The rate of abortions in the United States in 1994 was the lowest reported since 1976. The Centers for Disease Control and Prevention, which has tracked abortions since 1972, reported that in 1994 21 of every 1,000 women aged 15 to 44 had an abortion. In 1976 there were 312 abortions per 1,000 live births; in 1994 there were 321 abortions per 1,000 births in the U.S. The Center did not cite causes for the apparent decline, but other groups have stated that the causes include: an increase of women between the ages of 35 and 44 who are less fertile; increased availability and effectiveness of birth control, resulting in fewer unwanted pregnancies; and reduced access to abortions.
The Citadel's interim president Clifton Poole announced on January 3 that the school would welcome a Congressional probe into allegations that female cadets were hazed. U.S. Representative Steve Buyer (R-IN) had raised the possibility of a Congressional probe after cadets Jeannie Mentavlos and Kim Messer reported being severely hazed by male cadets. The two women reportedly would like to return to classes for their second semesters, but they have not yet made a final decision.
On the evening of January 5, The Citadel's governing board voted unanimously to appoint John S. Grinalds to serve as the school's President. Grinalds is a retired Marine major general and West Point graduate who has most recently served as the headmaster for an all-male, non-military boarding school. Grinalds is a Rhodes Scholar with degrees from Oxford University and the Harvard Business School. Commenting on the hazing allegations, Grinalds said, "I'm not that concerned about the immediate problems the Citadel has. We can fix those. The answers to the problems are within the corps of cadets and the faculty and The Citadel will be able to address those and make it through this transition."
A study released in the fall of 1996 has found that during the 1994 genocide which left more than 500,000 Tutsi and moderate Hutu in Rwanda dead, attackers also raped hundreds of thousands of women. Some were impregnated, some infected with AIDS, and others were sexually mutilated. The Rwandan government and the International Criminal Tribunal for Rwanda, however, has yet to charge a single war criminal with rape. Rene Degni-Segui, the United Nations Special Rapporteur for Rwanda concluded in a 1996 report that rape was used as a partner to genocide. Member of the Hutu militia and soldiers of the Rwandan Armed Forces systematically raped women, "Rape was the rule and its absence the exception," stated the report. The study found that at the very least 250,000 cases of rape occurred during the genocide. Another report, issued by the New York-based Human Rights Watch/Africa, criticized the Rwanda Tribunal for failing to bring rape indictments. The new lead prosecutor for the Rwanda and Yugoslavia tribunals, Louise Arbour, has vowed that rape prosecutions will occur, "It is definitely on the agenda. Maybe we haven't been sufficiently directed, but we have taken initiatives." Though international aid has poured $572 million into Rwanda to help victims, little of that money has been used to help women who comprise approximately 70 percent of the population.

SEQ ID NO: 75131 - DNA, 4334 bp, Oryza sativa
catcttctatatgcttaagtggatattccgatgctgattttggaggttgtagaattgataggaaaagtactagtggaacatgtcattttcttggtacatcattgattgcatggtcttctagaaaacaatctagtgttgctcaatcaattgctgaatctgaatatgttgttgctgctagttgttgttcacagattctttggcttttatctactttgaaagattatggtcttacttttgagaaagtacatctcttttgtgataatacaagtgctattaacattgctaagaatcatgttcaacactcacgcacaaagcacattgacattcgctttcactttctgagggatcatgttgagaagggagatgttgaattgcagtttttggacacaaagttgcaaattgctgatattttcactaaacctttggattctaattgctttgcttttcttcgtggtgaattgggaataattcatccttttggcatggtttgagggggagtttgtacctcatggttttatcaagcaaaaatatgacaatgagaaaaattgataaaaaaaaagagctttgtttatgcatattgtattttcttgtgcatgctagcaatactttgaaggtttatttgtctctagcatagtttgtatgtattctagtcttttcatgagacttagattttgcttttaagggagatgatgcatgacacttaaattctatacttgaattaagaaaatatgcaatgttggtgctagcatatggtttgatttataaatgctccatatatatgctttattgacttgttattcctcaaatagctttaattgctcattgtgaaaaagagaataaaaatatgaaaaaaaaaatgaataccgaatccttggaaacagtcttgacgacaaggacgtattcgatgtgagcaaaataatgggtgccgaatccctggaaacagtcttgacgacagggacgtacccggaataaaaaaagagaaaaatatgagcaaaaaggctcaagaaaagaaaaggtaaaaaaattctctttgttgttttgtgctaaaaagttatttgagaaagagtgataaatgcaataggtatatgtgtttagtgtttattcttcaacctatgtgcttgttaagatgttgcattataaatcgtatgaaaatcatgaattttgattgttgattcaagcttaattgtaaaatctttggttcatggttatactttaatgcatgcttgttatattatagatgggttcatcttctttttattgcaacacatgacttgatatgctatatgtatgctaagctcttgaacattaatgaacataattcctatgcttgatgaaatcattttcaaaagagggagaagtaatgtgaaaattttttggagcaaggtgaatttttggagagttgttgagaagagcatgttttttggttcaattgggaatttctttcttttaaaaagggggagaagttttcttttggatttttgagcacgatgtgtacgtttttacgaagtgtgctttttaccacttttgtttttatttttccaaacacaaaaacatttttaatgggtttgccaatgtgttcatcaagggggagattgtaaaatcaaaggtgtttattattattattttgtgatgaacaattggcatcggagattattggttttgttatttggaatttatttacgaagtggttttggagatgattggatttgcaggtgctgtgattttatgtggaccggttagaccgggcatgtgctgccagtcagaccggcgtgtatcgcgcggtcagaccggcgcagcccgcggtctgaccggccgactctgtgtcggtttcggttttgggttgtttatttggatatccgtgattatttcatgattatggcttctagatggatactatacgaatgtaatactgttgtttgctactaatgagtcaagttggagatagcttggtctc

1/6/1997 - Clemency Granted to Nine Battered Kentucky Women Raises Awareness of Domestic Violence in Legislature
In December 1995, then-Kentucky Governor Brereton Jones granted clemency to nine women convicted of murdering their abusive husbands and to a tenth woman convicted of manslaughter in the death of her husband (See Related Story). The clemency allowed the women to be paroled before they had served half of their prison sentences; subsequently the ten women were paroled. A year later, the parole board has released information on all of the women's current statuses. Seven of the women have steady jobs, one is enrolled in a vocational rehabilitation program and two others are receiving social security disability benefits. None of the women have violated any terms of their parole.
The women's release and their subsequent progress drew statewide attention to a law enacted to help victims of domestic abuse. The law holds that victims of domestic violence should have a special hearing to decide sentencing and parole. Despite the law, the ten women were never awarded such a hearing. When the Governor commuted their sentences, their supporters claimed that he did what others should have done for the women earlier, Kentucky Parole Board Chairwoman Helen Howard-Hughes commented, "I think the one thing we found was it was in the statutes, but a lot of people were not aware of it." Since the women's release, the General Assembly has passed a series of laws to help victims of domestic violence. For example, health and legal professionals are now required to receive training on domestic violence.
1/3/1997 - PBS Airs Abortion Pill Documentary
On January 3rd PBS will air, "The Abortion Pill". This documentary reviews the history of RU486 and the fight to introduce it into the United States. It looks at both sides of the issue in the continuing debate on abortion and the use of RU486. The show provides interviews with medical doctors, the producers of RU486, women who have taken the pill and activists on both sides of the issue.